The changes in your electrical installation cause changes in electrical energy bills and that’s unavoidable. Hopefully your accounting system sheets allocate charges home to the various profit centres. For example, sustained higher grid voltages will pump up electricity bills, but generally do that proportionally. The losses in electrical energy, however, do not necessarily distribute that way. Amortisation of investment required to reduce losses can be split up based on energy uptake for profit centres.

Typically, capital investment for reduction in energy loss requires an expectation of paybacks of longer than four to five years, with a shorter time for peak demand tariff structures. Before you decide to read no further, please consider that the hope of electricity prices coming down is forlorn! Australia’s electricity system is an oligopolistic, rent-seeking cohort of a few large companies and some state-owned enterprises that swell their state’s coffers. Australia’s 58,000 kilometres of transmission and 600,000 kilometres of distribution networks for a relatively small population just can’t deliver economies that a Denmark or Germany can.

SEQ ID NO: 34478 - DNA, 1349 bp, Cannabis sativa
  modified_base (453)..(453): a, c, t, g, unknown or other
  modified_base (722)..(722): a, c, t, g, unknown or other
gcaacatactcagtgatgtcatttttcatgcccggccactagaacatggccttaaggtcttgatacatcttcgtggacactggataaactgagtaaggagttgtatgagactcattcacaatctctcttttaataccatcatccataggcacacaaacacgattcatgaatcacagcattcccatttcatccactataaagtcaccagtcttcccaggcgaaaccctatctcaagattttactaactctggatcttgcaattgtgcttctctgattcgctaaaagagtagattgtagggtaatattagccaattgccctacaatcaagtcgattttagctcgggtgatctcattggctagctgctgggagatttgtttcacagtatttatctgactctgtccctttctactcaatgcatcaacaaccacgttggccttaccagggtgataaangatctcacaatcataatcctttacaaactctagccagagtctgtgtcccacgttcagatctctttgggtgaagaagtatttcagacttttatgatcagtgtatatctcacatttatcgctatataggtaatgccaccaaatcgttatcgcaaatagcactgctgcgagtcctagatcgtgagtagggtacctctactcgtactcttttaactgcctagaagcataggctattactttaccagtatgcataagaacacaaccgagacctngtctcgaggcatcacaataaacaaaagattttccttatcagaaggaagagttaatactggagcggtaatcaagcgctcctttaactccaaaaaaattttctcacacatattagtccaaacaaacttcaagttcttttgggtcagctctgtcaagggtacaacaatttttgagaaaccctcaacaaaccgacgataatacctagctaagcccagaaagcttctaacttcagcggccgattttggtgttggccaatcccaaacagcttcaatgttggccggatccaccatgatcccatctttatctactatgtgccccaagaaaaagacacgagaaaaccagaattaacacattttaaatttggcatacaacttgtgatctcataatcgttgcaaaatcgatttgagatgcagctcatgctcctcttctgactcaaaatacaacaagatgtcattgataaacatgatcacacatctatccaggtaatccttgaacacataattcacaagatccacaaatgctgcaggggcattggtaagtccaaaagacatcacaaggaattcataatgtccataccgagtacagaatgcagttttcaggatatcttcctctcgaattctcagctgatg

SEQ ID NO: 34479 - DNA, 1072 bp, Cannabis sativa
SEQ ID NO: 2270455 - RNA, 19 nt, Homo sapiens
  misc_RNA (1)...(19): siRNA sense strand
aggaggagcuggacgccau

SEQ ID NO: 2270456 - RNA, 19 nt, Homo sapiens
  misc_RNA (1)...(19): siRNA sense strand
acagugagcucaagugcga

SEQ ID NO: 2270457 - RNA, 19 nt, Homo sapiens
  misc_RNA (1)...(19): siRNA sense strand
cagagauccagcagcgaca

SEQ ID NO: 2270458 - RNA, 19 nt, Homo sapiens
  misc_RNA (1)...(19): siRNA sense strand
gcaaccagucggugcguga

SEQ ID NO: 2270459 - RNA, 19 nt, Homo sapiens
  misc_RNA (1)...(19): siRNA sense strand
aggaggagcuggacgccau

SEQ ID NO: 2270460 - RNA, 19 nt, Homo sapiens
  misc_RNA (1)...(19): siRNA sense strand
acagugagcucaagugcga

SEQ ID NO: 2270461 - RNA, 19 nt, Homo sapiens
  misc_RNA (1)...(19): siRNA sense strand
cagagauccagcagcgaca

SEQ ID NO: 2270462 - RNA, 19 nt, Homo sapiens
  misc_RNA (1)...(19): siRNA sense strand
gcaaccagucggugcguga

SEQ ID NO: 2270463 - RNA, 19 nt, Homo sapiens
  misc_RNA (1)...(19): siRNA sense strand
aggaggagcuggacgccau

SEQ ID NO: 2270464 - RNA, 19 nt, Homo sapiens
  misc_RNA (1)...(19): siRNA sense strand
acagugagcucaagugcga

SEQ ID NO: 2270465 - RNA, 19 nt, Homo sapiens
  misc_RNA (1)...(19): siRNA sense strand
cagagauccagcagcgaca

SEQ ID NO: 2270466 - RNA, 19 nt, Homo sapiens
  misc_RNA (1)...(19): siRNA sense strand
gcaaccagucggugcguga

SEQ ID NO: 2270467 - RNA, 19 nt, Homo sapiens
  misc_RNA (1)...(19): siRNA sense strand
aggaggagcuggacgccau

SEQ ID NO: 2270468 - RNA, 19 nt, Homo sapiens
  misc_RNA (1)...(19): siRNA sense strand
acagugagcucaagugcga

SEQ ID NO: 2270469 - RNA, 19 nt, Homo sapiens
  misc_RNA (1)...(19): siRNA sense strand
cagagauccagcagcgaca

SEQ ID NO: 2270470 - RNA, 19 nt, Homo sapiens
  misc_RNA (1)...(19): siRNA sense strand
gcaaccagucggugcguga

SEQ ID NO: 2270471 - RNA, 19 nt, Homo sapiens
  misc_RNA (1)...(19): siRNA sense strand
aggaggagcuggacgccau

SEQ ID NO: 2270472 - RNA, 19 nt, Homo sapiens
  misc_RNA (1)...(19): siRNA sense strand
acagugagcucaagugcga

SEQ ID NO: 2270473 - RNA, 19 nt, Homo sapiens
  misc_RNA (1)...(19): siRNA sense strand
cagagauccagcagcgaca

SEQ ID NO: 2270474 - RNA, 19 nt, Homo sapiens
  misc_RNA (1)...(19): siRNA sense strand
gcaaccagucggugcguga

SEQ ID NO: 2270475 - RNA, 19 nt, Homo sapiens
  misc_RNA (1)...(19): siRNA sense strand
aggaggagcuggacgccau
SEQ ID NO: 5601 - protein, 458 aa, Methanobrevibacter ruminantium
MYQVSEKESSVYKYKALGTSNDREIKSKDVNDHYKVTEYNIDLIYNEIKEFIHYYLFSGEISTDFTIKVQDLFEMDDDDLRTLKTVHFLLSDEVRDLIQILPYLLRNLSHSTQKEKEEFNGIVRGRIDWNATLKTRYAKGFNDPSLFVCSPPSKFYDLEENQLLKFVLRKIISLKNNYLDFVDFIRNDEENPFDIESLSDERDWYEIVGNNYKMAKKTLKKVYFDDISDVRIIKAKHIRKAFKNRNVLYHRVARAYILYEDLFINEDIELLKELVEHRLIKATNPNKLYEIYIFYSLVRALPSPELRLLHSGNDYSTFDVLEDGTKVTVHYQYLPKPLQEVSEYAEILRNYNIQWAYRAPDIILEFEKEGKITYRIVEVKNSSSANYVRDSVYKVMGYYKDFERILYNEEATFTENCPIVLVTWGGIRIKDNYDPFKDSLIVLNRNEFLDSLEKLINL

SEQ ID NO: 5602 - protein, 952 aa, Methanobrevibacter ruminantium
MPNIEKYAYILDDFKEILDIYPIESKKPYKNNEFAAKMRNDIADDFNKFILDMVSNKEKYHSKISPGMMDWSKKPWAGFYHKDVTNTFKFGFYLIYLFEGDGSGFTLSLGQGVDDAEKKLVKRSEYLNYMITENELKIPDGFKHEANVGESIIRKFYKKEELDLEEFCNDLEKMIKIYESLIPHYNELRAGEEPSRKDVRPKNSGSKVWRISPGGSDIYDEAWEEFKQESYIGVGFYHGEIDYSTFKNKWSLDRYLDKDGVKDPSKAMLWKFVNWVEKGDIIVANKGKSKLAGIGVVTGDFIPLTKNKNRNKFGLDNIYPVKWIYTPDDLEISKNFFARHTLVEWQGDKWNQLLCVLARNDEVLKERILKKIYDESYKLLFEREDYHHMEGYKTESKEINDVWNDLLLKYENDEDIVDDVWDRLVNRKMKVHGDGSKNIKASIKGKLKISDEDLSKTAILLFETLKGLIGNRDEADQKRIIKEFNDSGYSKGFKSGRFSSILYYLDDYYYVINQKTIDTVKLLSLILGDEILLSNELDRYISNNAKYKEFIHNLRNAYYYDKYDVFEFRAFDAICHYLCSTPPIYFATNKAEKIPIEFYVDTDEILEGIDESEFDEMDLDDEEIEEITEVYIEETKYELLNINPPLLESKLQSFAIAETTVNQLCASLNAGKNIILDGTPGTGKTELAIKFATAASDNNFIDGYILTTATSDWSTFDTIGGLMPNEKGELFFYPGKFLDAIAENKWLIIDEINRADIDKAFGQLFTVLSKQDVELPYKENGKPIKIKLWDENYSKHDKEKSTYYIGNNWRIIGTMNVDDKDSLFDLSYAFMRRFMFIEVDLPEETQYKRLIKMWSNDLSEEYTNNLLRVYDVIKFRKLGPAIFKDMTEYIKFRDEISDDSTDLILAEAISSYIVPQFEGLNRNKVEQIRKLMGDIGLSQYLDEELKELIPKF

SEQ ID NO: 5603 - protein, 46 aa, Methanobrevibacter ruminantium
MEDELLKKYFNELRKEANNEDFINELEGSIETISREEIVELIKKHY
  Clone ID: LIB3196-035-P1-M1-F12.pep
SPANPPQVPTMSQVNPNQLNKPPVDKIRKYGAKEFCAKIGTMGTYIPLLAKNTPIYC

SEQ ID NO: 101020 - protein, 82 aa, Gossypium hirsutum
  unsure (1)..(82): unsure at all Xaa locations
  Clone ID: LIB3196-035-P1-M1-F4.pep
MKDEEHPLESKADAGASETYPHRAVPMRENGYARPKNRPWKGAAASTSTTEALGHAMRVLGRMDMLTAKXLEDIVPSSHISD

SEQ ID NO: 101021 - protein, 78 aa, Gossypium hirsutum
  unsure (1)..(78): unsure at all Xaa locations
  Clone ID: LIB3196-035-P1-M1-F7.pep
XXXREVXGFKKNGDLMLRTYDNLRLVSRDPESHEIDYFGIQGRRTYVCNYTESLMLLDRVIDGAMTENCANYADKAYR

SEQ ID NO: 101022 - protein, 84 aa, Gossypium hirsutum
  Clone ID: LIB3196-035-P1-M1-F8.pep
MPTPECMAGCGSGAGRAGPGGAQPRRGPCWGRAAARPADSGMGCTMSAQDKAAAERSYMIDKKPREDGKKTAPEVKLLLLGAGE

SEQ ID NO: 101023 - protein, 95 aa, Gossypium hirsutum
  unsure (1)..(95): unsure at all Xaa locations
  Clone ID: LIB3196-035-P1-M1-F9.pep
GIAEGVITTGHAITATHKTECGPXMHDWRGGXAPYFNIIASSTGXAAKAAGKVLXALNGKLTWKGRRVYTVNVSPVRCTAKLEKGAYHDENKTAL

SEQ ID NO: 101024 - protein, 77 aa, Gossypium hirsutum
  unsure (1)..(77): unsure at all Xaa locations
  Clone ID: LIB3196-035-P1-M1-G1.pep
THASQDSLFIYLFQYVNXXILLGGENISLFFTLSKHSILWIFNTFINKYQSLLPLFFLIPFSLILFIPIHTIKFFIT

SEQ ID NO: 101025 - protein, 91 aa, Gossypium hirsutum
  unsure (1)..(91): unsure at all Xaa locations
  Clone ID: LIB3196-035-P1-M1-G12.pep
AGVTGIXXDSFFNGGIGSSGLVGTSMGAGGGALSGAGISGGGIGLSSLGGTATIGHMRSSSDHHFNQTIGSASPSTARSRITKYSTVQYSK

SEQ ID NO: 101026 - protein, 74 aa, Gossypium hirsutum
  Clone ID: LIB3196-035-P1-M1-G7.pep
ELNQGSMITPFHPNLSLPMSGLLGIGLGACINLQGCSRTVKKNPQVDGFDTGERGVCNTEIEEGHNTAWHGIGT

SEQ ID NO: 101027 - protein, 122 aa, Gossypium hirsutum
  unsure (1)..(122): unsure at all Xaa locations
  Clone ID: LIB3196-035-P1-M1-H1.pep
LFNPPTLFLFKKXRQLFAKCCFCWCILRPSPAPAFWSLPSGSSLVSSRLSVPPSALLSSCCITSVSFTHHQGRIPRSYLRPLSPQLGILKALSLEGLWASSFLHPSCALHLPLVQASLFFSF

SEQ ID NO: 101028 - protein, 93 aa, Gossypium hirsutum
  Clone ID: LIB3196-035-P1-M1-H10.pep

Let’s look at the loss causing ingredients:

  • Voltage fluctuates – in all grids, though some more than others. An allowable 10 percent variation upwards implies a 21 percent increase in energy. Your energy retailer is blind to such variations – they just read your meter. A power analysis of your premises will reveal if you have a worrying problem. If that is the case there are solutions, one being a voltage regulator or a series of them.